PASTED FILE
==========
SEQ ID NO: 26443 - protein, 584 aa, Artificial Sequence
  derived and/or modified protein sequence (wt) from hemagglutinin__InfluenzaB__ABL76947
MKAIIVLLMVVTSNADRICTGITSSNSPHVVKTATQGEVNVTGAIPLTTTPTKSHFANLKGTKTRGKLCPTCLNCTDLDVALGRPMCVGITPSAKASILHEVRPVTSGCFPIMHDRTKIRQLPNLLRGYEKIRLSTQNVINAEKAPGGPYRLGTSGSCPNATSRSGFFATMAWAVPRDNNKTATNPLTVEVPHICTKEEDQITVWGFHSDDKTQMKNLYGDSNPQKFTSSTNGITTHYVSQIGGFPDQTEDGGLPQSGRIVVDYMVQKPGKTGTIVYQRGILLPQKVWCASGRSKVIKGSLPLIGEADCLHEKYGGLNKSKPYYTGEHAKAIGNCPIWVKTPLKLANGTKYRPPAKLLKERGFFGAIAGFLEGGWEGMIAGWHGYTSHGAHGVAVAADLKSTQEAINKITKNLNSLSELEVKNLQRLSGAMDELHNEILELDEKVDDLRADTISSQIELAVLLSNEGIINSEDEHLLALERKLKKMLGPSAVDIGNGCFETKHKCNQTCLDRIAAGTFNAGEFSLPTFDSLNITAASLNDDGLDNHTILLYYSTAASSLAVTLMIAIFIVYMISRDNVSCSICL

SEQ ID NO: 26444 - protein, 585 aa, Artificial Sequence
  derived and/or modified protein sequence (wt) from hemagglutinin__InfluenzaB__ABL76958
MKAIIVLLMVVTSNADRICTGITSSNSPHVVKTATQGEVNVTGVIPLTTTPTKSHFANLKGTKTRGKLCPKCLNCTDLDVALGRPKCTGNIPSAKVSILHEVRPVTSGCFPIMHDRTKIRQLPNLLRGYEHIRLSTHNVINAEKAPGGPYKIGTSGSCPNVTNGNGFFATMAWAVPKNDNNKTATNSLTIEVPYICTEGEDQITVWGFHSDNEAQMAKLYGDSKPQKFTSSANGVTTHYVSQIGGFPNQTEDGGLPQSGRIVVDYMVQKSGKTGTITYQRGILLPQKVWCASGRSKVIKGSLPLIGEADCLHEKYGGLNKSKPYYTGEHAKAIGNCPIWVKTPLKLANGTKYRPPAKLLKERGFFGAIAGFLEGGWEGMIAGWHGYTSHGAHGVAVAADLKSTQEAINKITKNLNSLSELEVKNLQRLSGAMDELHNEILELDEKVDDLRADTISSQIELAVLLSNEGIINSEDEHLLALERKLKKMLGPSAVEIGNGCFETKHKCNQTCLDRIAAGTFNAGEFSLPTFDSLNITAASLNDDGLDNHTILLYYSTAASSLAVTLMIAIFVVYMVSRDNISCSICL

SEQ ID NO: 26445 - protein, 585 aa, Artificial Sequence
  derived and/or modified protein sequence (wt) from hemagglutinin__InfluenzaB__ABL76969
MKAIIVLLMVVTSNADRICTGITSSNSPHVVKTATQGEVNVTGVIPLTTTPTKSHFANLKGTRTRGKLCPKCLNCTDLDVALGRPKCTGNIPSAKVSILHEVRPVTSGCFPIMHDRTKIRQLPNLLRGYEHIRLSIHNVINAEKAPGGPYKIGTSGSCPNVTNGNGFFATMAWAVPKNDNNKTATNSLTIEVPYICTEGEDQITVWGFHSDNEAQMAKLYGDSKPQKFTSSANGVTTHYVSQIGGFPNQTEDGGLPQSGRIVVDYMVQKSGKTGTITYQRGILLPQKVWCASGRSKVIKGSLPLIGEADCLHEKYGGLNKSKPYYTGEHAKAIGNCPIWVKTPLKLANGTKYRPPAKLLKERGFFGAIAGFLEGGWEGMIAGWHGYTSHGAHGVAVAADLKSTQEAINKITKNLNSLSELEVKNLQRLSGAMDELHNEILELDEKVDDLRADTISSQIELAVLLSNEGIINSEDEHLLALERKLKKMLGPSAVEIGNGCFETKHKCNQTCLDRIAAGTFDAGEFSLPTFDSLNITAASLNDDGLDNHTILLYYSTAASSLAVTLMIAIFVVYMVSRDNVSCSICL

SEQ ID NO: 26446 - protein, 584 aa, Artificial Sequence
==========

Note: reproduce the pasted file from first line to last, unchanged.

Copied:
SEQ ID NO: 26443 - protein, 584 aa, Artificial Sequence
  derived and/or modified protein sequence (wt) from hemagglutinin__InfluenzaB__ABL76947
MKAIIVLLMVVTSNADRICTGITSSNSPHVVKTATQGEVNVTGAIPLTTTPTKSHFANLKGTKTRGKLCPTCLNCTDLDVALGRPMCVGITPSAKASILHEVRPVTSGCFPIMHDRTKIRQLPNLLRGYEKIRLSTQNVINAEKAPGGPYRLGTSGSCPNATSRSGFFATMAWAVPRDNNKTATNPLTVEVPHICTKEEDQITVWGFHSDDKTQMKNLYGDSNPQKFTSSTNGITTHYVSQIGGFPDQTEDGGLPQSGRIVVDYMVQKPGKTGTIVYQRGILLPQKVWCASGRSKVIKGSLPLIGEADCLHEKYGGLNKSKPYYTGEHAKAIGNCPIWVKTPLKLANGTKYRPPAKLLKERGFFGAIAGFLEGGWEGMIAGWHGYTSHGAHGVAVAADLKSTQEAINKITKNLNSLSELEVKNLQRLSGAMDELHNEILELDEKVDDLRADTISSQIELAVLLSNEGIINSEDEHLLALERKLKKMLGPSAVDIGNGCFETKHKCNQTCLDRIAAGTFNAGEFSLPTFDSLNITAASLNDDGLDNHTILLYYSTAASSLAVTLMIAIFIVYMISRDNVSCSICL

SEQ ID NO: 26444 - protein, 585 aa, Artificial Sequence
  derived and/or modified protein sequence (wt) from hemagglutinin__InfluenzaB__ABL76958
MKAIIVLLMVVTSNADRICTGITSSNSPHVVKTATQGEVNVTGVIPLTTTPTKSHFANLKGTKTRGKLCPKCLNCTDLDVALGRPKCTGNIPSAKVSILHEVRPVTSGCFPIMHDRTKIRQLPNLLRGYEHIRLSTHNVINAEKAPGGPYKIGTSGSCPNVTNGNGFFATMAWAVPKNDNNKTATNSLTIEVPYICTEGEDQITVWGFHSDNEAQMAKLYGDSKPQKFTSSANGVTTHYVSQIGGFPNQTEDGGLPQSGRIVVDYMVQKSGKTGTITYQRGILLPQKVWCASGRSKVIKGSLPLIGEADCLHEKYGGLNKSKPYYTGEHAKAIGNCPIWVKTPLKLANGTKYRPPAKLLKERGFFGAIAGFLEGGWEGMIAGWHGYTSHGAHGVAVAADLKSTQEAINKITKNLNSLSELEVKNLQRLSGAMDELHNEILELDEKVDDLRADTISSQIELAVLLSNEGIINSEDEHLLALERKLKKMLGPSAVEIGNGCFETKHKCNQTCLDRIAAGTFNAGEFSLPTFDSLNITAASLNDDGLDNHTILLYYSTAASSLAVTLMIAIFVVYMVSRDNISCSICL

SEQ ID NO: 26445 - protein, 585 aa, Artificial Sequence
  derived and/or modified protein sequence (wt) from hemagglutinin__InfluenzaB__ABL76969
MKAIIVLLMVVTSNADRICTGITSSNSPHVVKTATQGEVNVTGVIPLTTTPTKSHFANLKGTRTRGKLCPKCLNCTDLDVALGRPKCTGNIPSAKVSILHEVRPVTSGCFPIMHDRTKIRQLPNLLRGYEHIRLSIHNVINAEKAPGGPYKIGTSGSCPNVTNGNGFFATMAWAVPKNDNNKTATNSLTIEVPYICTEGEDQITVWGFHSDNEAQMAKLYGDSKPQKFTSSANGVTTHYVSQIGGFPNQTEDGGLPQSGRIVVDYMVQKSGKTGTITYQRGILLPQKVWCASGRSKVIKGSLPLIGEADCLHEKYGGLNKSKPYYTGEHAKAIGNCPIWVKTPLKLANGTKYRPPAKLLKERGFFGAIAGFLEGGWEGMIAGWHGYTSHGAHGVAVAADLKSTQEAINKITKNLNSLSELEVKNLQRLSGAMDELHNEILELDEKVDDLRADTISSQIELAVLLSNEGIINSEDEHLLALERKLKKMLGPSAVEIGNGCFETKHKCNQTCLDRIAAGTFDAGEFSLPTFDSLNITAASLNDDGLDNHTILLYYSTAASSLAVTLMIAIFVVYMVSRDNVSCSICL

SEQ ID NO: 26446 - protein, 584 aa, Artificial Sequence